Th1rteen R3asons Why: Devastatingly Beautiful
By Hudson Hsieh
Doing an analysis of Thirteen Reasons Why has always been sitting at the back of my mind since the inception of my writing career for the Carle Place Middle school newspaper two years ago. The reason being, at the time I thought my writing skill at the time was not as developed. But now in 2021 I feel like I’ve progressed enough as a writer and critic to finally tackle one of the most decisive books written in the twenty-first century. I’ll do my best to dive into the allegory, controversy, and the philosophy of Thirteen Reasons Why.
*Quick disclaimer: This article will include mention suicide, sexual assault, and bullying. If any of the subjects listed above makes you uncomfortable, skip this review. I have so many other reviews that discuss various topics that don’t include mature themes.
Thirteen Reasons Why is considered a “banned book” meaning that a myriad of libraries and schools around America object to the content that a book may contain. As a result of the label, they may not permit the ownership of the book in it’s inventory. Furthermore, School officials and parents have actively protested against the book and television show, citing “irrevocable harm and should be pulled from the schools”. They argued that the book depiction of suicide and sexual harm might be too mature for students to handle at an adolescent/transitioning age. As a precaution if you want to read Thirteen Reasons Why, make sure it’s fine with your parents or guardian.
Depiction of Bullying
What I found extremely intriguing with this book in particular, was its depiction of bullying, but more specifically the nonexistent use of social media and cyberbullying as a form of persecution. Instead, the author Jay Asher decided to incorporate a gossip and rumor type of bullying.
This particular type of bullying enables Jay Asher to emanate the feeling to the reader that Hannah Baker is alone and doesn’t have anyone to depend on. The author’s purpose was to emphasize Hannah’s loneliness, by creating a unique atmosphere of sadness and isolation. It goes to represent how oppressive a large group of kids can become, especially if they aren’t able to provide the support the victim needs.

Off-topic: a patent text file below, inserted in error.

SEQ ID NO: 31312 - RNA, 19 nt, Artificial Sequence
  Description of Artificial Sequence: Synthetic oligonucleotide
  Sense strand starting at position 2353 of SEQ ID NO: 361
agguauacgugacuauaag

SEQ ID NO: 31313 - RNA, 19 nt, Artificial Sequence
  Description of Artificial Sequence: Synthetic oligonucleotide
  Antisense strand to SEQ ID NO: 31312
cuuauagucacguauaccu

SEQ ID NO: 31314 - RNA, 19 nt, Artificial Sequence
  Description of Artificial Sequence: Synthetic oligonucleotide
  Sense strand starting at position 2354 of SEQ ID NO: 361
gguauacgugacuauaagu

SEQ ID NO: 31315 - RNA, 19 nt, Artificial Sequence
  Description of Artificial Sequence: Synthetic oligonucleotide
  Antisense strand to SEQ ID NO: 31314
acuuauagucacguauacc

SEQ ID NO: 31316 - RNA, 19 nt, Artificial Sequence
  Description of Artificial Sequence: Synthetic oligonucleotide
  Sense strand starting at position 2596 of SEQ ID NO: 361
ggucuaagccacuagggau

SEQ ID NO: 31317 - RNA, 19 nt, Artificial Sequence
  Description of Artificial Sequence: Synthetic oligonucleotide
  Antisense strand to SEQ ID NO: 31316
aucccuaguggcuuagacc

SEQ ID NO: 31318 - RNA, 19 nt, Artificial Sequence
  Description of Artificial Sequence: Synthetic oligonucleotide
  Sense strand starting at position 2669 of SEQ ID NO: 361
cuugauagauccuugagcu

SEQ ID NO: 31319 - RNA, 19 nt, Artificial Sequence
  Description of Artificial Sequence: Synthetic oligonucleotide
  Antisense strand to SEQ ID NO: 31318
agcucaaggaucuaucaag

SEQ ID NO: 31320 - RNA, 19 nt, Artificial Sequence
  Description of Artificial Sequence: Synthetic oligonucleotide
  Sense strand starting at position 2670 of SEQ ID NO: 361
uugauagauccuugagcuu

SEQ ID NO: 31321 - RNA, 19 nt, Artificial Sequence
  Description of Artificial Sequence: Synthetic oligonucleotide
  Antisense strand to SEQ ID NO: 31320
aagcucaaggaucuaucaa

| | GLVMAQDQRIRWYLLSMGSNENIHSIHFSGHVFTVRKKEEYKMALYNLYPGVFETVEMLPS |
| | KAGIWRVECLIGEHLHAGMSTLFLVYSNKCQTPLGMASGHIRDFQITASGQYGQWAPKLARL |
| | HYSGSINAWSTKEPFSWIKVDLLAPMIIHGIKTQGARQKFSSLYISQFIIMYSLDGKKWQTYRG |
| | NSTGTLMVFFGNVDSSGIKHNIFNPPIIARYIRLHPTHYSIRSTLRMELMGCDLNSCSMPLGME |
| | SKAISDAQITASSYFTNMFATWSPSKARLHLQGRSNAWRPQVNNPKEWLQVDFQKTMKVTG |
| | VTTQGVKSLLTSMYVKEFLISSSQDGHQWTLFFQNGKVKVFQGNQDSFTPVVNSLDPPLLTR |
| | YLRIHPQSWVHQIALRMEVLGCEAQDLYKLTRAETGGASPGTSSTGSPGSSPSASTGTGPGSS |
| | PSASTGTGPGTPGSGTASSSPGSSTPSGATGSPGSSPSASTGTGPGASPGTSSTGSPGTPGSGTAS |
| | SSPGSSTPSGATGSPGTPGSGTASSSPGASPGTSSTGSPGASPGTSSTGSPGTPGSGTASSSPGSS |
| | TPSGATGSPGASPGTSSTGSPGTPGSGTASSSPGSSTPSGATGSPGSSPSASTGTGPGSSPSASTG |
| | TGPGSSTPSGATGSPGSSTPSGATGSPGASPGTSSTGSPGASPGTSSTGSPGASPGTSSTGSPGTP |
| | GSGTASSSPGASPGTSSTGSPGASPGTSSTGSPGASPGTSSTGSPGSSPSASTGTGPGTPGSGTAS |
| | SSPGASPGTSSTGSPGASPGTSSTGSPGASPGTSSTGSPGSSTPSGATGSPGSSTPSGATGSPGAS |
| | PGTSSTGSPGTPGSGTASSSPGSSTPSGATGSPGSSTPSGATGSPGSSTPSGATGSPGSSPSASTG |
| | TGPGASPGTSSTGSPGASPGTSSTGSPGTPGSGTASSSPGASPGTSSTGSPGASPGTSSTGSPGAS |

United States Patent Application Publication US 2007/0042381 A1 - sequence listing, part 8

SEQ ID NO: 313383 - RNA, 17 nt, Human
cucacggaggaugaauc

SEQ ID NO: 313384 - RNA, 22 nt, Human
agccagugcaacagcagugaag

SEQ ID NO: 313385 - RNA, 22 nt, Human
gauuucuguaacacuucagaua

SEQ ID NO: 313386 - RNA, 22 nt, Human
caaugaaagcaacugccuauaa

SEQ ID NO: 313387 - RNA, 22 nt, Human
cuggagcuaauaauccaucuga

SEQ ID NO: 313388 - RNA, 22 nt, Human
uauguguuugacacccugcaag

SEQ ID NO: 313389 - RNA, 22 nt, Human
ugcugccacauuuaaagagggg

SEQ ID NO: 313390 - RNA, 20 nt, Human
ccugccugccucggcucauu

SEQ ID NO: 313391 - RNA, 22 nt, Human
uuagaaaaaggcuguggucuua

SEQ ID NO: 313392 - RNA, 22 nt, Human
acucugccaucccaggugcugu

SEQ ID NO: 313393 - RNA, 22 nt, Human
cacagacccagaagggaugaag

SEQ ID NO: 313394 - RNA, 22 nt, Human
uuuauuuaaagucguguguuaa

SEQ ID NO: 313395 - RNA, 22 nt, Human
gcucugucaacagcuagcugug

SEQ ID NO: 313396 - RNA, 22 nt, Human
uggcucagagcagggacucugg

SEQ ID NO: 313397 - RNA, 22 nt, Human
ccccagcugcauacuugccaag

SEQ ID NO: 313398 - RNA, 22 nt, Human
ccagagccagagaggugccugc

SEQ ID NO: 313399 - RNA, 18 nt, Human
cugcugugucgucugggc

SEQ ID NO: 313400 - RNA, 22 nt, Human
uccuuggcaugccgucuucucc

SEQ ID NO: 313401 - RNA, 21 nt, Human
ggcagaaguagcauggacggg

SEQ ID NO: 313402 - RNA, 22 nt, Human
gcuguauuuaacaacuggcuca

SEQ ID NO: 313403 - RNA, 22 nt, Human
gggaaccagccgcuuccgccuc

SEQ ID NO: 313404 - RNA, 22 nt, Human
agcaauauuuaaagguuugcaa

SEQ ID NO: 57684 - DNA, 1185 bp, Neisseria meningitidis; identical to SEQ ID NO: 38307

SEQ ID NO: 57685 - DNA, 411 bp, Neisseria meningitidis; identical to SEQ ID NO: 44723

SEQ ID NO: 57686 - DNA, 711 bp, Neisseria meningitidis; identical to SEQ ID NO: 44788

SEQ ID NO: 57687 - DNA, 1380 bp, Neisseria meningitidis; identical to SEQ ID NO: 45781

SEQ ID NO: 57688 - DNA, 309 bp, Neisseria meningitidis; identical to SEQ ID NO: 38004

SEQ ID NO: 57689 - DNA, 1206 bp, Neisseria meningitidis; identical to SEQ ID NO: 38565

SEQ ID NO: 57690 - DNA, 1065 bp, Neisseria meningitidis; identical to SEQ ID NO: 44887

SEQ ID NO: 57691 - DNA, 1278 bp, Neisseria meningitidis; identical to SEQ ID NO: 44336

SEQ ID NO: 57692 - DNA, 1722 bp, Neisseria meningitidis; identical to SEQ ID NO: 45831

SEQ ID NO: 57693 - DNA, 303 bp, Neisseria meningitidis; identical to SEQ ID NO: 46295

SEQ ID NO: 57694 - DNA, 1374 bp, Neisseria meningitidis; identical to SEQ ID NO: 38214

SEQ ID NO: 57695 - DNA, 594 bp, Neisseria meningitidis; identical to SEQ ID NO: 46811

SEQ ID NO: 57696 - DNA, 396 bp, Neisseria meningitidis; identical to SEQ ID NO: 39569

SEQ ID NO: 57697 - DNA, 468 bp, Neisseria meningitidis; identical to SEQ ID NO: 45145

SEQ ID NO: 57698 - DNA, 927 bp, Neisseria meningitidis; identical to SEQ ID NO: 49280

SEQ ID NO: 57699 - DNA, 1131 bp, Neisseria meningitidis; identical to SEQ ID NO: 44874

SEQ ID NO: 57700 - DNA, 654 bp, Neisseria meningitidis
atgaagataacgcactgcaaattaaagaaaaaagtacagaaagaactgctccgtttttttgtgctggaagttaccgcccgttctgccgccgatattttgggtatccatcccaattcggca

Jay Ahser demonstrates how prevalent bullying is solved, because it’s hard to determine what to classify as harassing another student or just harmless teasing. The stereotypical bully is not as prevalent as they were during the 80’s or 90’s, because as the world evolved so has bullying.
13 Reasons Why grapples with this question of what is considered bullying. Even our narrator Clay questions some of the “bullying behaviors” that various kids do to Hannah. From his point of view, what some of the kids did to Hannah can be excused as a joke, but we as readers can tell that from Hannah’s perspective, she is hurt and insulted.
The book teaches us to be more aware and mindful of what we say to others. That the jokes that we make should not be at another’s expense, and to be respectful to others.
I also found this book a way for the author to express his opinion on our tendency as a society to judge others. This problem is exemplified in a school where teens are often quick to make assumptions about others before finding out more about them.
We as a society tend to try and fit into the larger community, and strive to feel accepted by our peers. This is the exact reason why trends such as fashion, music, movies, and even type of speech changes every few hundred years. The validations of fitting in often rewards us with a feeling of security and belonging. The drive and motivation to fit into a community is a significant factor when it comes to us making decisions.